From decades of research on light’s importance for our biological function, we know that light affects and stimulates us both physically and emotionally and it has a measurable impact on our mental state and even our ability to recover from illness. We know that if we are exposed to enough natural light, our blood pressure drops, and the risk of cardiovascular diseases declines. Mentally, daylight and artificial lighting counteracts depressive conditions and it is concluded, that if we get enough light early in the day, we are more likely to sleep better at night.Psychiatric Center Glostrup - Glostrup, Denmark
Access to daylight is also seen as a factor in reducing recovery time or the amount of medication that patients need. Hospital lighting design should seek to optimize the natural light, including sunlight, in patient rooms, waiting rooms, staff work rooms, and rest areas; and where there is inadequate daylight it should be compensated by providing lighting solutions that simulate natural lighting conditions over the course of the day, supporting the circadian rhythm: the human brain’s 24-hour clock for cycling through sleepiness and alertness at regular intervals. In simple terms, naturalistic light is artificial light that replicates nature’s own rhythm of darkness and light.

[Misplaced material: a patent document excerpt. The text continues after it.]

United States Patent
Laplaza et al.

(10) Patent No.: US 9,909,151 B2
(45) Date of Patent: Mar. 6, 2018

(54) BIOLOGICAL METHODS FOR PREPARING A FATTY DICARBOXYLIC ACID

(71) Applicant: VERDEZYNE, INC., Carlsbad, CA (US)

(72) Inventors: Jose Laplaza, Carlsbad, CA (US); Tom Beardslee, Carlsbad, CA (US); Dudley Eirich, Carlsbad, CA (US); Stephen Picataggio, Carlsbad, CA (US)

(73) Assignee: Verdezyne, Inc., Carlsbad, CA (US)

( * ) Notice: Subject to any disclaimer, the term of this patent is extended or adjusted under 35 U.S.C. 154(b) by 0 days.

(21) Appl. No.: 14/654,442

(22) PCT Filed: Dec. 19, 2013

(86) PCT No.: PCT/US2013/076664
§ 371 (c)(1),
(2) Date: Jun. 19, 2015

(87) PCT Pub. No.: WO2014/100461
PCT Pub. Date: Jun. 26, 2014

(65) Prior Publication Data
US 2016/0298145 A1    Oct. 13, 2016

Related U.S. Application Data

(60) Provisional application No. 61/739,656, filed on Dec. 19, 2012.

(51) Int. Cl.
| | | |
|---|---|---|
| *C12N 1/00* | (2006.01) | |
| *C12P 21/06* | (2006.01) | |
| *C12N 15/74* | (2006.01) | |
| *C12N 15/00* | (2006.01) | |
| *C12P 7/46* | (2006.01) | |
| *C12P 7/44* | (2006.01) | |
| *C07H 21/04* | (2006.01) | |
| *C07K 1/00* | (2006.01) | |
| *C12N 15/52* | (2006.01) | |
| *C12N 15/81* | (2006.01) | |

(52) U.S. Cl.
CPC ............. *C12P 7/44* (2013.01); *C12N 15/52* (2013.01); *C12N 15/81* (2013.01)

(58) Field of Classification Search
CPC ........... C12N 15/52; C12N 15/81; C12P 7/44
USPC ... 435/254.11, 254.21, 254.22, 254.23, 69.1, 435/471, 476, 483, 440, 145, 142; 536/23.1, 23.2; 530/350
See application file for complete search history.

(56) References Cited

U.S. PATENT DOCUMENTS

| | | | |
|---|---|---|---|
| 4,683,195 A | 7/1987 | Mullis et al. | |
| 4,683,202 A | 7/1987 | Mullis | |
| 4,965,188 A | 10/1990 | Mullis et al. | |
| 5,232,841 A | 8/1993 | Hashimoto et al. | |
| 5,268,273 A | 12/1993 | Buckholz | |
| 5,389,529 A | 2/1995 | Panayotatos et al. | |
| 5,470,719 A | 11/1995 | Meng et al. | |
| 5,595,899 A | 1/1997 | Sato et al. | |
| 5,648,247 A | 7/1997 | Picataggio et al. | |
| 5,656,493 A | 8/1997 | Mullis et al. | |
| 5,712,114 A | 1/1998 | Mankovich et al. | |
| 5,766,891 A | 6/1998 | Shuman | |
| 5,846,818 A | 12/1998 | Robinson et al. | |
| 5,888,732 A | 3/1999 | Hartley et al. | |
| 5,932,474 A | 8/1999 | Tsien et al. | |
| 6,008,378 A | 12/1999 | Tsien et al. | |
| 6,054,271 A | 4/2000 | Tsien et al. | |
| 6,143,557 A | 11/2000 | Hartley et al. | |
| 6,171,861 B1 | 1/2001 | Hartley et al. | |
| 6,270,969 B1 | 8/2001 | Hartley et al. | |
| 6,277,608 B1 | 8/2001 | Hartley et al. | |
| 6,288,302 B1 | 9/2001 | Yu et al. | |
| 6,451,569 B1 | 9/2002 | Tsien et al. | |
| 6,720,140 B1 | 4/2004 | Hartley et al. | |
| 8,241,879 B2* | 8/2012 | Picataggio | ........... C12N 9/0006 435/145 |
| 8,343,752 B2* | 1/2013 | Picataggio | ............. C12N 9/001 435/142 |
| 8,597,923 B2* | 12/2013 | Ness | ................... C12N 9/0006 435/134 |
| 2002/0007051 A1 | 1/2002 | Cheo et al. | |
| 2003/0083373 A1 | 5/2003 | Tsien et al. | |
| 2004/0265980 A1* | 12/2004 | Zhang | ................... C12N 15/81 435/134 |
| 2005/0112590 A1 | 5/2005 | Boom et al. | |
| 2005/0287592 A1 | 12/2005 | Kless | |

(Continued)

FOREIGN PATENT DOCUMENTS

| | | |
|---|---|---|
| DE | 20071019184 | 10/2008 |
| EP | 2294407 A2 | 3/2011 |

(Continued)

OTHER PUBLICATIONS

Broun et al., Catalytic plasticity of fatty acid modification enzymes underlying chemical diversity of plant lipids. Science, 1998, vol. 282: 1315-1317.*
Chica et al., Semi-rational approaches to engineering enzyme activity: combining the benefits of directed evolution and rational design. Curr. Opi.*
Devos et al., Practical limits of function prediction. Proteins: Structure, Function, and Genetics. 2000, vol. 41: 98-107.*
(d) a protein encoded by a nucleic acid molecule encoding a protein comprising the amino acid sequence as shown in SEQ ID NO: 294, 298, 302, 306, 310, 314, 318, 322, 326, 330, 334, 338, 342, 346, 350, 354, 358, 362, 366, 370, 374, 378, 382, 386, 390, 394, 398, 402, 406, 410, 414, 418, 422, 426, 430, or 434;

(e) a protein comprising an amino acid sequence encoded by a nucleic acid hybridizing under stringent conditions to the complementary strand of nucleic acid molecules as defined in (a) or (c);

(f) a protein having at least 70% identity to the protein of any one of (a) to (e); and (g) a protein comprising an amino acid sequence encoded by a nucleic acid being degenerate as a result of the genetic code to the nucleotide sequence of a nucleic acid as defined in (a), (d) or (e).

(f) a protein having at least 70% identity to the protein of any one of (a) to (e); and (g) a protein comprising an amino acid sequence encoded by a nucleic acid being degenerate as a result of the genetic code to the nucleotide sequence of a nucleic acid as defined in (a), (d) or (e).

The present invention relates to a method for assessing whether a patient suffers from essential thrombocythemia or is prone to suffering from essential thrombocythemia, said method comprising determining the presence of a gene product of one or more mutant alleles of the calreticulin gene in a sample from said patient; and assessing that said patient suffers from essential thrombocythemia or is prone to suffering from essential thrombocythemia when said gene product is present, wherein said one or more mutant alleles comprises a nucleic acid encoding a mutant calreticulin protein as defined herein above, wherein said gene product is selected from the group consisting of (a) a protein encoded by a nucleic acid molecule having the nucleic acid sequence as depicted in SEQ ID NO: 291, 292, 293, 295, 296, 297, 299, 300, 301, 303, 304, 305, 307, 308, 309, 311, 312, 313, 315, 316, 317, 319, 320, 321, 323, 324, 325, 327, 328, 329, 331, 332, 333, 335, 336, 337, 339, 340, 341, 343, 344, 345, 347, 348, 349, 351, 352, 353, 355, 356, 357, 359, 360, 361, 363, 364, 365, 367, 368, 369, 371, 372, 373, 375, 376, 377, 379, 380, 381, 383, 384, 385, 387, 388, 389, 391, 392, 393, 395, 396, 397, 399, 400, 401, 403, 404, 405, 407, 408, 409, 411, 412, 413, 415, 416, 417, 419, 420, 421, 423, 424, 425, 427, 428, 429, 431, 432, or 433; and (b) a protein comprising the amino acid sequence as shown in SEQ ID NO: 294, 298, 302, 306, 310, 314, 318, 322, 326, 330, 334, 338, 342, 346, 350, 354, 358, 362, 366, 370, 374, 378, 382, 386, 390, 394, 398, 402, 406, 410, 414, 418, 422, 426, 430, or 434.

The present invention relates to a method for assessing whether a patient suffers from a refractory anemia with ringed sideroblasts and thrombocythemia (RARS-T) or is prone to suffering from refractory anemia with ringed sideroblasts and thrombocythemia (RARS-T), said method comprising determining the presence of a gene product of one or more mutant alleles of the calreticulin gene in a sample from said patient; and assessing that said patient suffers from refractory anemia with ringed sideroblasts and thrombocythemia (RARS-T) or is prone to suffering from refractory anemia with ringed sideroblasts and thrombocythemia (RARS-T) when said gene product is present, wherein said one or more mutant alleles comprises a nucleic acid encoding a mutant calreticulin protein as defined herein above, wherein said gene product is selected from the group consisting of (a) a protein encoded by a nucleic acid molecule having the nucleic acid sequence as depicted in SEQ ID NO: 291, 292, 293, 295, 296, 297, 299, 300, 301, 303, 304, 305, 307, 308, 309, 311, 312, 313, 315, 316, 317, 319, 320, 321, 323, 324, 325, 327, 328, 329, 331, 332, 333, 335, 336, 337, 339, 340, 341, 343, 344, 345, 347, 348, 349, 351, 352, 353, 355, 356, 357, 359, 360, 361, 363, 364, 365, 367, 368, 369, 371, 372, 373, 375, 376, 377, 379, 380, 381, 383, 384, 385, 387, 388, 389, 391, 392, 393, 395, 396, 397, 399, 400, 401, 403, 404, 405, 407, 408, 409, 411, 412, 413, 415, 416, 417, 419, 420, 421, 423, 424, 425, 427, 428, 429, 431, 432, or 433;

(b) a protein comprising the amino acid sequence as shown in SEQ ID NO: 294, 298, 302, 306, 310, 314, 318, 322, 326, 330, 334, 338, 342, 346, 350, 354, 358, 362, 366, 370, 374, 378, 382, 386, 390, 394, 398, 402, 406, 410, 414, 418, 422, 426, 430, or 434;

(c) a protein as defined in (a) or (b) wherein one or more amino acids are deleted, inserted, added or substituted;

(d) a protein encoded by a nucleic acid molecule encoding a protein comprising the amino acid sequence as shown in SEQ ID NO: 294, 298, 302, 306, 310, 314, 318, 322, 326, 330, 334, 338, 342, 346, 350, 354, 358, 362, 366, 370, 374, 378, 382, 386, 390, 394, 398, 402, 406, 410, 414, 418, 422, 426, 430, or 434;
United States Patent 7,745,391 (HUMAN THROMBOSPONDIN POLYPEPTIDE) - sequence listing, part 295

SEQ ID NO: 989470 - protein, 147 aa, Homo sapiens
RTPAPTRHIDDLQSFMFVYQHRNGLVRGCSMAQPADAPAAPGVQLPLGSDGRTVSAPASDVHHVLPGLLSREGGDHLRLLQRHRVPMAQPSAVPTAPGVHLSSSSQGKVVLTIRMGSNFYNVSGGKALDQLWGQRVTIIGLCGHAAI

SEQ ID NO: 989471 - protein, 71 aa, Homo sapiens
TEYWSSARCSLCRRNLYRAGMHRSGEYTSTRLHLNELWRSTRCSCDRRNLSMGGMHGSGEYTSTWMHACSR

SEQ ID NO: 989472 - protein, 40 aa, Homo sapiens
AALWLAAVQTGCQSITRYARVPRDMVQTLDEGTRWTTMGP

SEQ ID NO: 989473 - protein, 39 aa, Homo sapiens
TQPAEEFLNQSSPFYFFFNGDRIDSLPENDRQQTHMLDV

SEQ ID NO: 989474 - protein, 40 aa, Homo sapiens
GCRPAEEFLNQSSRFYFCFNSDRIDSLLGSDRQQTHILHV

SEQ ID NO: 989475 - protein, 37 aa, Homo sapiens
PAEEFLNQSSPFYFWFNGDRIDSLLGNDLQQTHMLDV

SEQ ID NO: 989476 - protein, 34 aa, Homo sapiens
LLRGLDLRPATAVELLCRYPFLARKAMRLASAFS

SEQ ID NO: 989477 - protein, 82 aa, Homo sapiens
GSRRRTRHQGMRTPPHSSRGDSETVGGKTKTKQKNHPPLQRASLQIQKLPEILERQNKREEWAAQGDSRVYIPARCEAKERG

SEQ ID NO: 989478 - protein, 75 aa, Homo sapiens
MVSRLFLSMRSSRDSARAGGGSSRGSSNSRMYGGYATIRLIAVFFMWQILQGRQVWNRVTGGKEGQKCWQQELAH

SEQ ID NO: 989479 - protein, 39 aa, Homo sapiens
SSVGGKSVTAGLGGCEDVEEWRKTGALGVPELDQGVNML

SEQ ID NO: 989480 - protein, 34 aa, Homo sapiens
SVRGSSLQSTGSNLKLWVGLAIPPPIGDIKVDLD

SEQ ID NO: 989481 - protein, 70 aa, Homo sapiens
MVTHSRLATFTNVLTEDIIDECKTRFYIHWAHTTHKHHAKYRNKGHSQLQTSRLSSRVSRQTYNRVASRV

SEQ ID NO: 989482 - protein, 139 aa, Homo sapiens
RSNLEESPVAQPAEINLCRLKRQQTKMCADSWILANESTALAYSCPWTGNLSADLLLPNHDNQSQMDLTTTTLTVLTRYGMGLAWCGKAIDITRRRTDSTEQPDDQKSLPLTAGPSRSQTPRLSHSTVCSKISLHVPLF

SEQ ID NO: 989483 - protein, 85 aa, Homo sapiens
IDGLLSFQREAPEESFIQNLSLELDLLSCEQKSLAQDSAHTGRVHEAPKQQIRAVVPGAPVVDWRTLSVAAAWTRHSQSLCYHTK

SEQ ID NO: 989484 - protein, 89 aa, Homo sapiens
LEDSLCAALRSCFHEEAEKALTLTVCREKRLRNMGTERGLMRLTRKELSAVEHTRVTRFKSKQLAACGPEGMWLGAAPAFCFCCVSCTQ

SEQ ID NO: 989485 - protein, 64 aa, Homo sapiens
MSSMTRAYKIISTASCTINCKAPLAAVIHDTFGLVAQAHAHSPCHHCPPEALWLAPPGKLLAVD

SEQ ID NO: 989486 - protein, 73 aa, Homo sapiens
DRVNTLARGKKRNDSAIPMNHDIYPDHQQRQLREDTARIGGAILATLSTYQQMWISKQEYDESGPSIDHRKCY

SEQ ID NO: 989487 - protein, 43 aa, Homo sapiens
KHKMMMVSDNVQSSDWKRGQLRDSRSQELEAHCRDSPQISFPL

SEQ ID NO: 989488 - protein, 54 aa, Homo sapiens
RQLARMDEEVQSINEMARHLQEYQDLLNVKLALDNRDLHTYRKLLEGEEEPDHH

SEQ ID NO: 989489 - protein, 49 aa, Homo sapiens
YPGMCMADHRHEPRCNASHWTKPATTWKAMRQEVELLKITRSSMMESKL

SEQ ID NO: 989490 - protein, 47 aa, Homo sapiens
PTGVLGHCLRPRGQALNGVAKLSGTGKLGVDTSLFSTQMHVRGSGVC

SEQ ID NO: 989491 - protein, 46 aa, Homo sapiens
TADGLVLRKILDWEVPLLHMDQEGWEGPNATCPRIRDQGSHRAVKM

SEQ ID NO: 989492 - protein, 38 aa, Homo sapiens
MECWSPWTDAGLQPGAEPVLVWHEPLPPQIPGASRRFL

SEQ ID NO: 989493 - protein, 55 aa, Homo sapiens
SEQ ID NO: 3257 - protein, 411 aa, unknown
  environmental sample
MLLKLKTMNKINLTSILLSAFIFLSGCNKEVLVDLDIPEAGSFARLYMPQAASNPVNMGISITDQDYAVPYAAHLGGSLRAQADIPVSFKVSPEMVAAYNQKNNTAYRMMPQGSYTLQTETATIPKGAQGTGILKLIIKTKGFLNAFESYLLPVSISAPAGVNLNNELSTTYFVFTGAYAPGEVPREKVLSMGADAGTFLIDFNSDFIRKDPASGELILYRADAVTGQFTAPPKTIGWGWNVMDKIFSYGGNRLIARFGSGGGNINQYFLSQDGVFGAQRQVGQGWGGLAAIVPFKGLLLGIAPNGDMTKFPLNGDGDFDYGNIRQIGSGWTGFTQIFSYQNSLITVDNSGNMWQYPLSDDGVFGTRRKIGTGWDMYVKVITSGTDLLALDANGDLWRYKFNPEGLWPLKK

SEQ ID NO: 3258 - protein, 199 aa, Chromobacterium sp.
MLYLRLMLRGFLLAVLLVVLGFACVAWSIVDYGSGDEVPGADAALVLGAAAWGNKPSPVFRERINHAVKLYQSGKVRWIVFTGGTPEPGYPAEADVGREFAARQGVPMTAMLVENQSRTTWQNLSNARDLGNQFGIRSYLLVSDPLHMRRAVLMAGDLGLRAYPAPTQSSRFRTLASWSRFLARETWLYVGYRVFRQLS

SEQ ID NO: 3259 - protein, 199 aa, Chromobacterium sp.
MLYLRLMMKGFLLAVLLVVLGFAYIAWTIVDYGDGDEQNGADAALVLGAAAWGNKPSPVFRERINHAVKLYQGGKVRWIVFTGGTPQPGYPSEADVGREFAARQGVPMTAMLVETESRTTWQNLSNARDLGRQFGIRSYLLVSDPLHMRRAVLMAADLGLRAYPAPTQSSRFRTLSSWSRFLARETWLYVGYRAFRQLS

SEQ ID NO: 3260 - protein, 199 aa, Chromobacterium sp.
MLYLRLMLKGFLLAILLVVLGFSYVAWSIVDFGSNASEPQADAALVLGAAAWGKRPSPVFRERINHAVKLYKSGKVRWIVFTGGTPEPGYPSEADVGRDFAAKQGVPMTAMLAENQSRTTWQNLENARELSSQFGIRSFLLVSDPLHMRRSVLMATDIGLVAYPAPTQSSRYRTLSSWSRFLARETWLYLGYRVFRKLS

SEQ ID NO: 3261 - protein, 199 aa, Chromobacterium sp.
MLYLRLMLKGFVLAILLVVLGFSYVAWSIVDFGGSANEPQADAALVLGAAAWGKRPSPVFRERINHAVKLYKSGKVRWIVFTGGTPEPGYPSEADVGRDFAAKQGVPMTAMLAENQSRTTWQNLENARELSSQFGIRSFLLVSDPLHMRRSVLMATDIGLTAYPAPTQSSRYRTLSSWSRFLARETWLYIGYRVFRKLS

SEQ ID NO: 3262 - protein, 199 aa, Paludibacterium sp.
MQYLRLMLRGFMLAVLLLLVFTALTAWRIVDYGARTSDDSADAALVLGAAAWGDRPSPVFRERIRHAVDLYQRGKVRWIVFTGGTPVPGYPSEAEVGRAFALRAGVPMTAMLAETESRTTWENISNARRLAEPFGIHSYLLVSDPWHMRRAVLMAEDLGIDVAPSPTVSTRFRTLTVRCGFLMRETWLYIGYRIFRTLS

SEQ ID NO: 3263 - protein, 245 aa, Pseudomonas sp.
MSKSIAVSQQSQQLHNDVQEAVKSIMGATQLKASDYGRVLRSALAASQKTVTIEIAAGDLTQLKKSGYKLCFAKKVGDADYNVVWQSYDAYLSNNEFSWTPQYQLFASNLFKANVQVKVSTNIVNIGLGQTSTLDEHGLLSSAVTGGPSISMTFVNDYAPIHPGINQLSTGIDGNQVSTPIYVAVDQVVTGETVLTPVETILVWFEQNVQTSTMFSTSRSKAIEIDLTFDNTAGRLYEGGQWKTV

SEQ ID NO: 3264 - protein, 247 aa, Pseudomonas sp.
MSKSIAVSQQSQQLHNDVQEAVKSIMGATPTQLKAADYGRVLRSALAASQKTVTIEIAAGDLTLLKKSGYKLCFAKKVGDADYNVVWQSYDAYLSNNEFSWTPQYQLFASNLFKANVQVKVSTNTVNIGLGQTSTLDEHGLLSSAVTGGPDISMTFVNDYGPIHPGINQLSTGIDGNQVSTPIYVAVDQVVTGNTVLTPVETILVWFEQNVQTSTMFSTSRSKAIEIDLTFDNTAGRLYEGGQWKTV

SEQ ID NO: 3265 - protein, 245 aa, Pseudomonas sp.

For their work on light and circadian clock, Jeffry Hall, Michael Rosbach and Michael Young won the 2017 Nobel Prize in Physiology or Medicine. With that came an even greater emphasis on lighting design for hospitals. However, even as design changes sweep the healthcare sector, it’s worth noting that while circadian lighting may be the optimal solution, there is still much to be said for working with the decorative lighting at our disposal.
Photo: Medicinerhuset Aalborg - Aalborg, Denmark
At Frederiksberg Hospital in Copenhagen, Louis Poulsen has contributed to test rooms designed to help patients recover faster and to create a more pleasant environment for patients, staff and visitors. Designed by KHR Architecture, LP Circle fixtures are Kelvin-adjustable and feature integrated ventilation. With more daylight, circadian lighting, a more patient-friendly color scheme, and single-patient rooms, the design team hopes to enhance not only ambience, but also outcomes.